It all began when I started knitting with the babysitter. I came home one day to find Tsering had picked up and continued my knitting from the knitting basket and started me on an incredible journey of design, women, business.
|Excerpts from The Brooklyn Handknit Story ©2002 Karen Nourse, Parsons School of Design, New York|
Starting Brooklyn Handknit, I was a young mother and an artist. My decision to dive in was made in knowing I could satisfy my creative self, make a living and care for small children. Quickly, I became a part of a community of women, my knitters were Tibetan refugees from Nepal and India living in Brooklyn. Weekly rituals dropping off and picking up, arriving alone or in groups of two or three at my door, networks of women knitting while taking the subway or bus. Serving and drinking tea, laughing, talking about kids, family, work, making deadlines, never disappointing. Late night calls to Kathmandu, explaining production details, dealing with limitations of adverse conditions: curfews, no electricity, Maoist terrorists taking over the country. From Brooklyn or Kathmandu, carefully crafted designs arrived slightly scented with salted buttered tea.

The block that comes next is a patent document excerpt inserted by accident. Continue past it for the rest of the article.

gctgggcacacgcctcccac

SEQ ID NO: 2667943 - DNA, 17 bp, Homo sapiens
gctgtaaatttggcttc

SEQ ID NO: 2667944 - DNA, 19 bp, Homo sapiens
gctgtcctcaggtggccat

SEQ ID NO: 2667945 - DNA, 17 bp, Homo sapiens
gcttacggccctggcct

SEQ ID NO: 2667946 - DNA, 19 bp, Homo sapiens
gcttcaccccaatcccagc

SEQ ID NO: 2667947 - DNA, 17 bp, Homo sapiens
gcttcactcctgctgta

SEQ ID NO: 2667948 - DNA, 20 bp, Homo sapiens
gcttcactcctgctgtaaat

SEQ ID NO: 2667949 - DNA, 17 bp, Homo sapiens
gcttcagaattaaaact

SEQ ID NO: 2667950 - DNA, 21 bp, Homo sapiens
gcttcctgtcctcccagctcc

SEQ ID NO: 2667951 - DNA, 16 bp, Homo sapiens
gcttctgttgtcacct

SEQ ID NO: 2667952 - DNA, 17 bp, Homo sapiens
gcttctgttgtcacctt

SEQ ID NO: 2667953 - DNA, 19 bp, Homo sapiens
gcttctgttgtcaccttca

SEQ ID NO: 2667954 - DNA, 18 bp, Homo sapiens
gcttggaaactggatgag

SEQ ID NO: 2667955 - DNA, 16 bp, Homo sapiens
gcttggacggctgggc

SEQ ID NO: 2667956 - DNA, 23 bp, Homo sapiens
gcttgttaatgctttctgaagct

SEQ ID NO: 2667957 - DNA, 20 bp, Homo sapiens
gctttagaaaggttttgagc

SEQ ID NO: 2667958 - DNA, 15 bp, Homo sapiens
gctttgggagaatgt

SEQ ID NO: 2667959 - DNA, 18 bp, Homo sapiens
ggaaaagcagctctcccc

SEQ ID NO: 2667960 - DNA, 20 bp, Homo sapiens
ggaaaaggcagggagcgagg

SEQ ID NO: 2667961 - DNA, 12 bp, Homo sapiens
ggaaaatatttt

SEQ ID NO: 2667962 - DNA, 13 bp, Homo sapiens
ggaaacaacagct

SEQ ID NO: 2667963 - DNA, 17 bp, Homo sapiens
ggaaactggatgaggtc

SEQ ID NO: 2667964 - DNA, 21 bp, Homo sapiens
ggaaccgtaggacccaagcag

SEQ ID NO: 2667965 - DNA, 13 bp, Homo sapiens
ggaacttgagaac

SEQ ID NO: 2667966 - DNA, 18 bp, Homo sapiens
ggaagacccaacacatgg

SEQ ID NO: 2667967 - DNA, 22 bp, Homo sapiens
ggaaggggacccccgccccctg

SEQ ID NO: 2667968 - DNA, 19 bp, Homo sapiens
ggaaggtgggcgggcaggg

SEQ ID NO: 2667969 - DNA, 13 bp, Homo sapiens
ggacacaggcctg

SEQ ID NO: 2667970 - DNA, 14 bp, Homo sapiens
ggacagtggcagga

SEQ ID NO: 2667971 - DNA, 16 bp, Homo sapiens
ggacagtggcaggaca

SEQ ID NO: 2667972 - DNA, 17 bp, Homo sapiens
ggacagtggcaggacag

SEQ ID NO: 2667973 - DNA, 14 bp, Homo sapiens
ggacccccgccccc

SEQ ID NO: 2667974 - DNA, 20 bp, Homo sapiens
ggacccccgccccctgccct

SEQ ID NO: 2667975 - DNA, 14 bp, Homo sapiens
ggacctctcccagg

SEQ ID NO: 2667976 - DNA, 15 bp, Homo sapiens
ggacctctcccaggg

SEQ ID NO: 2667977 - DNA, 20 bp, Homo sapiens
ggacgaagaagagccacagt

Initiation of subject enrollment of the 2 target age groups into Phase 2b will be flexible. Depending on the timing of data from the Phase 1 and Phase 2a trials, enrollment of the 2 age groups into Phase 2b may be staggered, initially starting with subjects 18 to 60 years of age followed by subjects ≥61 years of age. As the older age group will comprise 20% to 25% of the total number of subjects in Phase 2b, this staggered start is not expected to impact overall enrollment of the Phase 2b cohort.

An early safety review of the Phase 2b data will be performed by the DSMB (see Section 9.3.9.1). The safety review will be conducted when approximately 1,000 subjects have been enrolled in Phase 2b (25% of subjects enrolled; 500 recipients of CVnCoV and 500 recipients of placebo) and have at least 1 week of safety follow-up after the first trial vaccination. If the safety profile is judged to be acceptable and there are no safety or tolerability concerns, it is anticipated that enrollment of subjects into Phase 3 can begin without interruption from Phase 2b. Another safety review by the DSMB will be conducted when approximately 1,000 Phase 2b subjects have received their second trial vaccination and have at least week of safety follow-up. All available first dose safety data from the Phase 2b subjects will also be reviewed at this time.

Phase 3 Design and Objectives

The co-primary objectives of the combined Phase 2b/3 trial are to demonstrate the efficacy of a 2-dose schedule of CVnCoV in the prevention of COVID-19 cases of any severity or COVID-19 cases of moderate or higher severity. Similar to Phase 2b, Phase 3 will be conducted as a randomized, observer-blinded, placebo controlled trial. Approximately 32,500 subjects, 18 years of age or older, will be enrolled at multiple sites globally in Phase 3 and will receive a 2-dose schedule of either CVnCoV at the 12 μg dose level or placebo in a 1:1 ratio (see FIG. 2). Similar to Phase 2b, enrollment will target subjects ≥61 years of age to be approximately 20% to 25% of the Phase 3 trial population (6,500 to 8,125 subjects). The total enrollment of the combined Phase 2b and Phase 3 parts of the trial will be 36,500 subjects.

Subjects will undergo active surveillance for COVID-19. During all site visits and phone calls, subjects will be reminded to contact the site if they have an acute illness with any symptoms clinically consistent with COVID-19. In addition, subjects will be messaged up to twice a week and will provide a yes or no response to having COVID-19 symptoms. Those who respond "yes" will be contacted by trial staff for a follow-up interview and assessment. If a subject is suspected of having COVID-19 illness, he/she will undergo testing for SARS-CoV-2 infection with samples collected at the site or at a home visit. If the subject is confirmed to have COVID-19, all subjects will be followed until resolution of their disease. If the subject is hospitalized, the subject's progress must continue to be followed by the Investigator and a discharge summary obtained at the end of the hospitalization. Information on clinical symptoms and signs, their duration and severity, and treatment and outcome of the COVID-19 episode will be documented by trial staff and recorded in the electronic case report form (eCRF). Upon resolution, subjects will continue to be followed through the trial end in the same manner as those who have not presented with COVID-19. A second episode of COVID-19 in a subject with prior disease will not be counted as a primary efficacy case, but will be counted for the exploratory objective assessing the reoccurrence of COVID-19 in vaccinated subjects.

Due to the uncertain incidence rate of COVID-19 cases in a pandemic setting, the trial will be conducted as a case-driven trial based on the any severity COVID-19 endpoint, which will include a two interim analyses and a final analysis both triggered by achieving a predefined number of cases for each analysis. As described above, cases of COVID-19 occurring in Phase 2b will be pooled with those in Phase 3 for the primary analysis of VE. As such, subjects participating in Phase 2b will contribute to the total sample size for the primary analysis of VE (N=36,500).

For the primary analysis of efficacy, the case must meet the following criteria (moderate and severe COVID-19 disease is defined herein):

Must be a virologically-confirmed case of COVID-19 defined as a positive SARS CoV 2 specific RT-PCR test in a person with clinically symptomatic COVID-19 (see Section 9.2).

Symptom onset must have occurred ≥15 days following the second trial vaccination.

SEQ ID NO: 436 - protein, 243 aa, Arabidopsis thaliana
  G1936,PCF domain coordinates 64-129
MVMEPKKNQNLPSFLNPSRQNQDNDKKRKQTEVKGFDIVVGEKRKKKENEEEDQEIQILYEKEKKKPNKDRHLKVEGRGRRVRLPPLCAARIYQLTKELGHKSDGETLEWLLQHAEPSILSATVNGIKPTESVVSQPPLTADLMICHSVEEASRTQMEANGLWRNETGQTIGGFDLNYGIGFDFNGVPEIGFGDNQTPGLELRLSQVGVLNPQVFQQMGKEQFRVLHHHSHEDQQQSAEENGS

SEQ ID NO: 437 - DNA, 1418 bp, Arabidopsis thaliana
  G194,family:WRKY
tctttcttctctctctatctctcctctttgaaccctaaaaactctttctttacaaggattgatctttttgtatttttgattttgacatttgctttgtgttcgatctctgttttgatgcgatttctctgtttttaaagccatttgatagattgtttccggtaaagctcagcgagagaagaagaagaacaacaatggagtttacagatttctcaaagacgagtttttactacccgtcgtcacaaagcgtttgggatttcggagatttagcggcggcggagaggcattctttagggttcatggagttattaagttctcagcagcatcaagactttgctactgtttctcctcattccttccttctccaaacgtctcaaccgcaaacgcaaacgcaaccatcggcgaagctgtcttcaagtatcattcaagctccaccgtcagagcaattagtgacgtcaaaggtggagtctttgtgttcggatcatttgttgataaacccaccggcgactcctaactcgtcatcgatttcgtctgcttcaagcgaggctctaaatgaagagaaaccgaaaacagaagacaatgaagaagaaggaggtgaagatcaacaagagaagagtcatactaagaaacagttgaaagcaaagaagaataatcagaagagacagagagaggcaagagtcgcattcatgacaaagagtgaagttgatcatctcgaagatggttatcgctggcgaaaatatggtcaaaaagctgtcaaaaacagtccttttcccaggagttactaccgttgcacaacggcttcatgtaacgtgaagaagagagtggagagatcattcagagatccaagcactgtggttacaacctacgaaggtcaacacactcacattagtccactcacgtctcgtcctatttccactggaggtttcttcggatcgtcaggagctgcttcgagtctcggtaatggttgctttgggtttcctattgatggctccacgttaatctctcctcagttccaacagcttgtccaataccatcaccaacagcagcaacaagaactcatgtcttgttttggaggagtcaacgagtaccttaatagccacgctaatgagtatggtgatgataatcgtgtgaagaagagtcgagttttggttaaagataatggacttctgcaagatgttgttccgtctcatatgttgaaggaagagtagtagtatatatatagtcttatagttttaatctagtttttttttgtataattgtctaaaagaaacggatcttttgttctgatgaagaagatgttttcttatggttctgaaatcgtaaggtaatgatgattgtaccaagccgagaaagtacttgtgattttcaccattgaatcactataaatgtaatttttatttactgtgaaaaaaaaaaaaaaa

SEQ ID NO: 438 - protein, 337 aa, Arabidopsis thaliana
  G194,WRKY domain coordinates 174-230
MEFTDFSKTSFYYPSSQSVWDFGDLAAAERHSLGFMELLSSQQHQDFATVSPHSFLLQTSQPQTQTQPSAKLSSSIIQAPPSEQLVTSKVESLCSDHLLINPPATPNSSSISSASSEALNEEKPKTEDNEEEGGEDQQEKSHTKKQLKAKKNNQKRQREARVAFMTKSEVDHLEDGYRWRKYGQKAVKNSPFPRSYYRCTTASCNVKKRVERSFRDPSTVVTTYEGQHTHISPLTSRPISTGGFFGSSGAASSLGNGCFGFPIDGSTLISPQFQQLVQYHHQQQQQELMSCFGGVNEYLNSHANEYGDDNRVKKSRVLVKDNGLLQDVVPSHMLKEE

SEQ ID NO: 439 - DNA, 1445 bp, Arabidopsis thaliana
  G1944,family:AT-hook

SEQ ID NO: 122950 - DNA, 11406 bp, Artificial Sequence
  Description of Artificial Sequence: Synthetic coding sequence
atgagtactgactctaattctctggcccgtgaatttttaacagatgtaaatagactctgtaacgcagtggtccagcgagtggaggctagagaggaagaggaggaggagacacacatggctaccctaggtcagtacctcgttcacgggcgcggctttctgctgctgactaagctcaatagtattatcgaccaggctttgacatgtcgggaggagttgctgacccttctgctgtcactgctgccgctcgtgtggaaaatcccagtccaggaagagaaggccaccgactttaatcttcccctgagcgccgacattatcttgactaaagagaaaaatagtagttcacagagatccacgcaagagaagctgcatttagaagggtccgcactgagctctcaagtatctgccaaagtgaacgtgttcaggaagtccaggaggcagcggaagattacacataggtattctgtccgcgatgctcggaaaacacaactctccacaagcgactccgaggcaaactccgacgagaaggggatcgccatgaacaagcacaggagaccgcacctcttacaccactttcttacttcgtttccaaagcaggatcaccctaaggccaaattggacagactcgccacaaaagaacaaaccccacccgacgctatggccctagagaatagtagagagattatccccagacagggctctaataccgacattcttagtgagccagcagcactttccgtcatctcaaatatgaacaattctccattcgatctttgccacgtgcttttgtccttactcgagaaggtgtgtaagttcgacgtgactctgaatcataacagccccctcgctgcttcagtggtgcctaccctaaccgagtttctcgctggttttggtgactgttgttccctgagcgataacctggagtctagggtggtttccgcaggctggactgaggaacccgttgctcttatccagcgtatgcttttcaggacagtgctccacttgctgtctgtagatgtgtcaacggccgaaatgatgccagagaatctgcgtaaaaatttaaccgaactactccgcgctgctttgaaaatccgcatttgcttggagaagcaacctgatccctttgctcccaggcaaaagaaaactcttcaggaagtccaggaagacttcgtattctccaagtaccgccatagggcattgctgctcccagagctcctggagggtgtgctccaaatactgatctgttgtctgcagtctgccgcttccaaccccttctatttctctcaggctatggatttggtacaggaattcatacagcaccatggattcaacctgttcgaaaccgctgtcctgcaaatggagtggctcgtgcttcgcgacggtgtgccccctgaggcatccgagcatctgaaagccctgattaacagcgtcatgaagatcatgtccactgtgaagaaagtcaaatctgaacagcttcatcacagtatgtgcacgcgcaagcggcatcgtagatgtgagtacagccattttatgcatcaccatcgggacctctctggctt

Ten years later and still knitting, I was at new juncture and starting a new business. In New Hampshire, at Russell's family's farm house on New Year's with friends visiting, I wanted to use the moment to come up with the name of the next chapter. At the kitchen table with adults, kids and the wood stove smoking, all kinds of suggestions were tossed around. On a cube note pad, Louisa wrote out Amalialad. It's Dalai Lama spelled backward in honor of all your women who have supported you the along the way. My reaction - it's beautiful but I can hardly pronounce it. If its hard for me, what about others? Confident her reply, they will learn. Amalialad
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